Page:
# How to measure statistical significance in retention cohorts?

When we measure retention rate (or churn rate) of customer cohorts at TouchNote, it’s important for us to ensure any detected differences are statistically significant, and that these differences have sufficient statistical power. (For a quick explanation why you have to validate for statistical power as well as significant, read here).

Luckily there’s an easy web tool built by Evan Miller that lets you just that very easily. Here’s how to test for power and significance in a jiffy.

# Test for statistical power

First, you want to test that the sample size (i.e. the size of each cohort) is large enough. There’s no point testing for statistical significance if your results do not have sufficient power.

Assume your data for the two cohorts are these:

Your screen should look like this when you’re done:

This tells you that the minimum sample size (i.e. cohort size) of each cohort needs to be 7,562 users. Luckily, we have more than that in each cohort (7,875 in week 1 and 8,181 in week 2), so we’re OK to proceed.

If for example you increase the statistical power to 95%, you’ll see the minimum sample size increases to 9,165 users.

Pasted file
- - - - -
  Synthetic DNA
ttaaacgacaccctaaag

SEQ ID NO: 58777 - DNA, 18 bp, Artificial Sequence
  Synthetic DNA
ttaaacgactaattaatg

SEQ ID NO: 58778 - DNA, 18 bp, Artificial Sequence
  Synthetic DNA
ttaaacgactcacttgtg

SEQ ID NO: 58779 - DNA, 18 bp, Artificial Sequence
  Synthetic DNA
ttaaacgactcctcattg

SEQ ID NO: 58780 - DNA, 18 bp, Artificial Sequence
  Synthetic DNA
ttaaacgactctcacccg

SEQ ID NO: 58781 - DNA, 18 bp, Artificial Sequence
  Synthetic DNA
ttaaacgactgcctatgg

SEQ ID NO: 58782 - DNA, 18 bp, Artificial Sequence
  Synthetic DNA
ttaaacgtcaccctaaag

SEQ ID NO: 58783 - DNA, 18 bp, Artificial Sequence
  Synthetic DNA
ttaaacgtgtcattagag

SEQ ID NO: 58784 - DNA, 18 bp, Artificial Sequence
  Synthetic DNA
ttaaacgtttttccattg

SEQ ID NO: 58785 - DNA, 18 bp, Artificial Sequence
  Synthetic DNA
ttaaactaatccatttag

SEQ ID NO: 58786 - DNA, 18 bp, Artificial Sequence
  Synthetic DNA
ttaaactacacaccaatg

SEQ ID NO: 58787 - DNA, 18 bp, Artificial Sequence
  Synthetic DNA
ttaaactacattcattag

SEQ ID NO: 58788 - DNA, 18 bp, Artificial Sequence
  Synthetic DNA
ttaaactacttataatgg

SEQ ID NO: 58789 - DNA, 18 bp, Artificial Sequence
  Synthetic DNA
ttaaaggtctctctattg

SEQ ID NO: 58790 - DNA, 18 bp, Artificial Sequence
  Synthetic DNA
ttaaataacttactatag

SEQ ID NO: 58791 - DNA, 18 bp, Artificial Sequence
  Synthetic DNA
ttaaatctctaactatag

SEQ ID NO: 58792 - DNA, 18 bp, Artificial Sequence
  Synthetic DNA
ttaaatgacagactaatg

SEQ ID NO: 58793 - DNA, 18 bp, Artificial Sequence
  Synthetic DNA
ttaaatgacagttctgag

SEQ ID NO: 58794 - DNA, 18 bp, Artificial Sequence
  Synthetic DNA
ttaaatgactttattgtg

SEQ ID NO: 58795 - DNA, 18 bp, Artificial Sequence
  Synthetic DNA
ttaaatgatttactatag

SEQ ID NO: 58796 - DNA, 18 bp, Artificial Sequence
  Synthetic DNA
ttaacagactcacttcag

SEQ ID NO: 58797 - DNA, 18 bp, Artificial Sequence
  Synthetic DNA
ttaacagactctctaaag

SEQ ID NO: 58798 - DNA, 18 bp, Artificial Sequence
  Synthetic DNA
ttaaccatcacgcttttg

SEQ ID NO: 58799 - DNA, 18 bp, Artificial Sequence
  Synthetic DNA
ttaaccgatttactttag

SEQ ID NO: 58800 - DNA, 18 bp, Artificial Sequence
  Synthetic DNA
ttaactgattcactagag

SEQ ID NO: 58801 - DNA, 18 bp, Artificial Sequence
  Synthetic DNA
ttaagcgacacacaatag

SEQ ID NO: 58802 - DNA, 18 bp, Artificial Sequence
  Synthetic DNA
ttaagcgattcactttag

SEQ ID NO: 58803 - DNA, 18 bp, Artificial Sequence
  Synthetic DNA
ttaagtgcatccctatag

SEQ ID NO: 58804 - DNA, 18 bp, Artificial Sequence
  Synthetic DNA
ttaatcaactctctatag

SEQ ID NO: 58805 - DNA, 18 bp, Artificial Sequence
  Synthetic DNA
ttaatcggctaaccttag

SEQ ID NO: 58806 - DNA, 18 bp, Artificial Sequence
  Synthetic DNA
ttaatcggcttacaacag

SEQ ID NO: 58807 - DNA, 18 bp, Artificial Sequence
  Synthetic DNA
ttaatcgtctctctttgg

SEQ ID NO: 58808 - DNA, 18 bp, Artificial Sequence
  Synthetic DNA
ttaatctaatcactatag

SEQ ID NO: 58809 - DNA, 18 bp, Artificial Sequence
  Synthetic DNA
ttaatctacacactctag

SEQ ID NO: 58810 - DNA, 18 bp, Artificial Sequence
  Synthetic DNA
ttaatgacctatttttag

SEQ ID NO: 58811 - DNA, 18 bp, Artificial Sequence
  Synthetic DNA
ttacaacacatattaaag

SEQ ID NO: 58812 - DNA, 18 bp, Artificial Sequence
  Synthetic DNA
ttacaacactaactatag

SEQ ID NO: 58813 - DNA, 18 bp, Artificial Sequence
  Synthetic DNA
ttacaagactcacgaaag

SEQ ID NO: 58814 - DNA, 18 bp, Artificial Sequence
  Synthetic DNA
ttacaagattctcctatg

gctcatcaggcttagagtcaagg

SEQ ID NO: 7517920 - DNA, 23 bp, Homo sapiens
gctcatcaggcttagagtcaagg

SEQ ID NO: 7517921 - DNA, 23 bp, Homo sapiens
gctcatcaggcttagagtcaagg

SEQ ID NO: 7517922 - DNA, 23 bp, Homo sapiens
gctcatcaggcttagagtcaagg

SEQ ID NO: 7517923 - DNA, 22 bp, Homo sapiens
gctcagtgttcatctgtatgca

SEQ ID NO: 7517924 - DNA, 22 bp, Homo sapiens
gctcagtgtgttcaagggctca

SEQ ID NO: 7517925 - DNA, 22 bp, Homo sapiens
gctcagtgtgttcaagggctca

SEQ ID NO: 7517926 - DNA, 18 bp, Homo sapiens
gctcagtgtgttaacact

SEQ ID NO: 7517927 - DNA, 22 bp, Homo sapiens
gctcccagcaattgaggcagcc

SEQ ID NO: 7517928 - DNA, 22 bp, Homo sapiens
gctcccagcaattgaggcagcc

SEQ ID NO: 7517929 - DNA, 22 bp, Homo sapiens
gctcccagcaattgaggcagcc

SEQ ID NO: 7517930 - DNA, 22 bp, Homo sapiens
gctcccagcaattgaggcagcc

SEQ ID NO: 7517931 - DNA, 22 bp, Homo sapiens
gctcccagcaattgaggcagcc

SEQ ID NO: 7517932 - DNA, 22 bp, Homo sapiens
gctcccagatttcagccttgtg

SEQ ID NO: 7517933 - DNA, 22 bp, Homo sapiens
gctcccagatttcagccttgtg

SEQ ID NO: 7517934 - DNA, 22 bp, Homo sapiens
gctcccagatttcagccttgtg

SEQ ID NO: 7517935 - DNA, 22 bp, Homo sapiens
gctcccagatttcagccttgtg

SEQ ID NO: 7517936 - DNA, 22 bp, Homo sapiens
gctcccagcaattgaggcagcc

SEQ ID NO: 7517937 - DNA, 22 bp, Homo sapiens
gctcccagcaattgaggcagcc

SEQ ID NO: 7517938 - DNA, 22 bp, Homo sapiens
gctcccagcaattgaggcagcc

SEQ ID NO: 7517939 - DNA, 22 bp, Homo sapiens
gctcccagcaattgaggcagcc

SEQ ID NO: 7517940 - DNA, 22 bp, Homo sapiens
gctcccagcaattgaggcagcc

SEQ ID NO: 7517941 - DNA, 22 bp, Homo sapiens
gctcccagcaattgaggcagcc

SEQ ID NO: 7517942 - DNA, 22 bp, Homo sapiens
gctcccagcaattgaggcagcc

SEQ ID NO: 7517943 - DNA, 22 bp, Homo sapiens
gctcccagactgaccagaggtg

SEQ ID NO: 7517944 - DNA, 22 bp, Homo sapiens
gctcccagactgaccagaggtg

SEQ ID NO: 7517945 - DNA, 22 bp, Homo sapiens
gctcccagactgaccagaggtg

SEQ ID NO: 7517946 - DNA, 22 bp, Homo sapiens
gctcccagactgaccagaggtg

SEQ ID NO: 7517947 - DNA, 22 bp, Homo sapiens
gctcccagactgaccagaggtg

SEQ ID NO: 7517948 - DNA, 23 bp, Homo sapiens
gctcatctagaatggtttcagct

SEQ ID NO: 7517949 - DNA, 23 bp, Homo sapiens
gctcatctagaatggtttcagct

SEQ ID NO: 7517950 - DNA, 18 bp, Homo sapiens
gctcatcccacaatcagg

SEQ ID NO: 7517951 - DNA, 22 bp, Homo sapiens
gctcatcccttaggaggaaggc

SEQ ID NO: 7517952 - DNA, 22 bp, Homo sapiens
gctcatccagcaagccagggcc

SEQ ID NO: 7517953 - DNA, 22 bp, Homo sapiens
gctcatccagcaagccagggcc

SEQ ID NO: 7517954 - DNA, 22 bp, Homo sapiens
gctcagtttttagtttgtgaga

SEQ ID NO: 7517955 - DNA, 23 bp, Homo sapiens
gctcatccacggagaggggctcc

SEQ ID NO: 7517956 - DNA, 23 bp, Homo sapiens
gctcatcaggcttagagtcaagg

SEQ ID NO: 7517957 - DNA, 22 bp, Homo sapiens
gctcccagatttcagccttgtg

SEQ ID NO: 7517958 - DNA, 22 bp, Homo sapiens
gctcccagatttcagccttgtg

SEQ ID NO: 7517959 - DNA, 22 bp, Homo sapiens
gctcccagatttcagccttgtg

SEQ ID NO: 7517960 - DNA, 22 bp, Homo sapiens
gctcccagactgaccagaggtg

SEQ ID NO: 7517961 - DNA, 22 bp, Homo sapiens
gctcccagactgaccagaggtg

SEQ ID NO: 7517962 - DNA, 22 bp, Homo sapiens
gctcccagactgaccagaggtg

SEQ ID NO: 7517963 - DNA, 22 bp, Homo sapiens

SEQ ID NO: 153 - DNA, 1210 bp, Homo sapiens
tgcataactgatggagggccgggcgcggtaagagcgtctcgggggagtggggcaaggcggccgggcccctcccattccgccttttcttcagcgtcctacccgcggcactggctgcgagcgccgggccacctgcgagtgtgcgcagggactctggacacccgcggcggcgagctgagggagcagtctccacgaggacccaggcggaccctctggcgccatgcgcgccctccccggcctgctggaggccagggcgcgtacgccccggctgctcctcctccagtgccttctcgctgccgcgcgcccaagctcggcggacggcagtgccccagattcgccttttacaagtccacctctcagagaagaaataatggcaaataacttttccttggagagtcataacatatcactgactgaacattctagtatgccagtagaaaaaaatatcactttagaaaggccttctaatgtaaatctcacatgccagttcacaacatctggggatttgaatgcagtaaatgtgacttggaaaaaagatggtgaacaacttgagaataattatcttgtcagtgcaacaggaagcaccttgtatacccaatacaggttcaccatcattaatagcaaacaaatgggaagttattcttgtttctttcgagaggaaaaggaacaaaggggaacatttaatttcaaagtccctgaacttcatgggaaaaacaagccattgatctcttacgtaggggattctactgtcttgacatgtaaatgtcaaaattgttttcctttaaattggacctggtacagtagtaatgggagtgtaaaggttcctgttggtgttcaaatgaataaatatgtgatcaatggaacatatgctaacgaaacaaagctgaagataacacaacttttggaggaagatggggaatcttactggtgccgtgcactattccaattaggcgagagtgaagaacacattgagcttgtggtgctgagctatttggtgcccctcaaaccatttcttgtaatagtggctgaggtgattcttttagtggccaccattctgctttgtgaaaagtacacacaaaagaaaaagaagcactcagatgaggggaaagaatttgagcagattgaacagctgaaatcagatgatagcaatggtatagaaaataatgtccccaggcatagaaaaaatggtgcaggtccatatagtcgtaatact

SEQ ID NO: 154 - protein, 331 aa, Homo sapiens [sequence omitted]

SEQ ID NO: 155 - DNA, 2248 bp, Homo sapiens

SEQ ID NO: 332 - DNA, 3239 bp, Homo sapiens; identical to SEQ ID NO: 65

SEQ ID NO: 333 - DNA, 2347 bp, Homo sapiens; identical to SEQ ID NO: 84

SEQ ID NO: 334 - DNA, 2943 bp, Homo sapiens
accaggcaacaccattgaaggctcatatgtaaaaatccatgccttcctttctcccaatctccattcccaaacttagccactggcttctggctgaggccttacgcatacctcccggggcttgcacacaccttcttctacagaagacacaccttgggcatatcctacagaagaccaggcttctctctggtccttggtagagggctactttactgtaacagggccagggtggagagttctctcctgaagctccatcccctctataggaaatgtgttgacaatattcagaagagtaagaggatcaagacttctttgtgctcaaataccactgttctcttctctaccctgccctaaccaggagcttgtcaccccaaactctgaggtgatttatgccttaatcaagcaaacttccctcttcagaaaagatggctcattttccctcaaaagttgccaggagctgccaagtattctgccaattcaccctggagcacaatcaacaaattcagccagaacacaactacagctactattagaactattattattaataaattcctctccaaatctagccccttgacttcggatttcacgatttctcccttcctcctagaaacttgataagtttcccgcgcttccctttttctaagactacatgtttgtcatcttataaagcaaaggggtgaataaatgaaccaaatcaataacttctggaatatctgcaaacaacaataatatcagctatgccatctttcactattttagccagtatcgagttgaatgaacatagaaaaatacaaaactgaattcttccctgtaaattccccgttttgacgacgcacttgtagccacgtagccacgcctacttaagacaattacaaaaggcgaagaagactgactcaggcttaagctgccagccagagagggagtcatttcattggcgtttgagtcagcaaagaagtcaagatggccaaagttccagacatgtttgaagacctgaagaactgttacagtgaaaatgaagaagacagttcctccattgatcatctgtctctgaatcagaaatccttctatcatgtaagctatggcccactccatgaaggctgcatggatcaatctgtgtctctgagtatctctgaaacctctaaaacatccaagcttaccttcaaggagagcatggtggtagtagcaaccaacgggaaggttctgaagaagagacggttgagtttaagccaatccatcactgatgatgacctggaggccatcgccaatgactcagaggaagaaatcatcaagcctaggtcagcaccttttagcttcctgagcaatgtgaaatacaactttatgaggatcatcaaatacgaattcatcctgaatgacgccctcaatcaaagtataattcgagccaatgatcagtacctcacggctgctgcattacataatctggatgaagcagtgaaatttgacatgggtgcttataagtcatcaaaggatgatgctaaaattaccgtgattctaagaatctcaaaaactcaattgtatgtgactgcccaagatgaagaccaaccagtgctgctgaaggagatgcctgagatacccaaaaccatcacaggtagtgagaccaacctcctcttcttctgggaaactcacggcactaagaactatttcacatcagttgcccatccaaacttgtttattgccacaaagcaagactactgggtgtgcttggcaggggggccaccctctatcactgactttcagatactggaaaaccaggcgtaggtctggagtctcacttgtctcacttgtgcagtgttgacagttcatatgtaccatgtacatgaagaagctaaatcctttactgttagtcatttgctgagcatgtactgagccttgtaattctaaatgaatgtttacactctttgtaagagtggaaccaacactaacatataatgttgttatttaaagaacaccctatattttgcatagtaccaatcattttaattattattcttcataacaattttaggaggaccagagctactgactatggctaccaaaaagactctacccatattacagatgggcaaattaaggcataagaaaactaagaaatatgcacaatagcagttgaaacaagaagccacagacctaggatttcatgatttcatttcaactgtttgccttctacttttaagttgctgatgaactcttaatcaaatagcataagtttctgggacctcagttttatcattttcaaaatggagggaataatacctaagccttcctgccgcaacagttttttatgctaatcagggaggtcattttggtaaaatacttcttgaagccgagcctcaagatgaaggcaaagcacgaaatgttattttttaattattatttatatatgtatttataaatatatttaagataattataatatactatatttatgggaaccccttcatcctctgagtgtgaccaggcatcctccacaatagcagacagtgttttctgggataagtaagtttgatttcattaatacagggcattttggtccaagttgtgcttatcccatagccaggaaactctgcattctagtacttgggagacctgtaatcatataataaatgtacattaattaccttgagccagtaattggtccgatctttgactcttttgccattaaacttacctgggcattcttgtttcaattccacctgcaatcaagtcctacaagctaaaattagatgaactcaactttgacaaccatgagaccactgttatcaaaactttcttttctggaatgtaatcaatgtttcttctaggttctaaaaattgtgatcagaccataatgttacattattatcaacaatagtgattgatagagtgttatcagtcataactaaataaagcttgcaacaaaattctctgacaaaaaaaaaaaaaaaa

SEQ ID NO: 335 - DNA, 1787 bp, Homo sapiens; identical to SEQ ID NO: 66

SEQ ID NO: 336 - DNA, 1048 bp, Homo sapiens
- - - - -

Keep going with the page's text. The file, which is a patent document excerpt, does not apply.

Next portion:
We can now test if the difference detected in the retention rate between our two cohorts is statistically significant or not.

# Test for statistical significance

We’ll now use another statistical test, Chi-squared (χ2), to compare if the difference in retention rate of the cohorts is statistically different.

Your screen should look like this when you’re done:

# Conclusion

The difference we detected between the retention rate of the two cohorts is indeed statistically significant. There’s a 99% confidence that the actual retention rate of the first cohort ranges between 57.2% and 60.1%, and that of the second cohort between 60.3% and 63.1%. As these two ranges do not overlap, we can tell with 99% significance that the improvement we detected is real.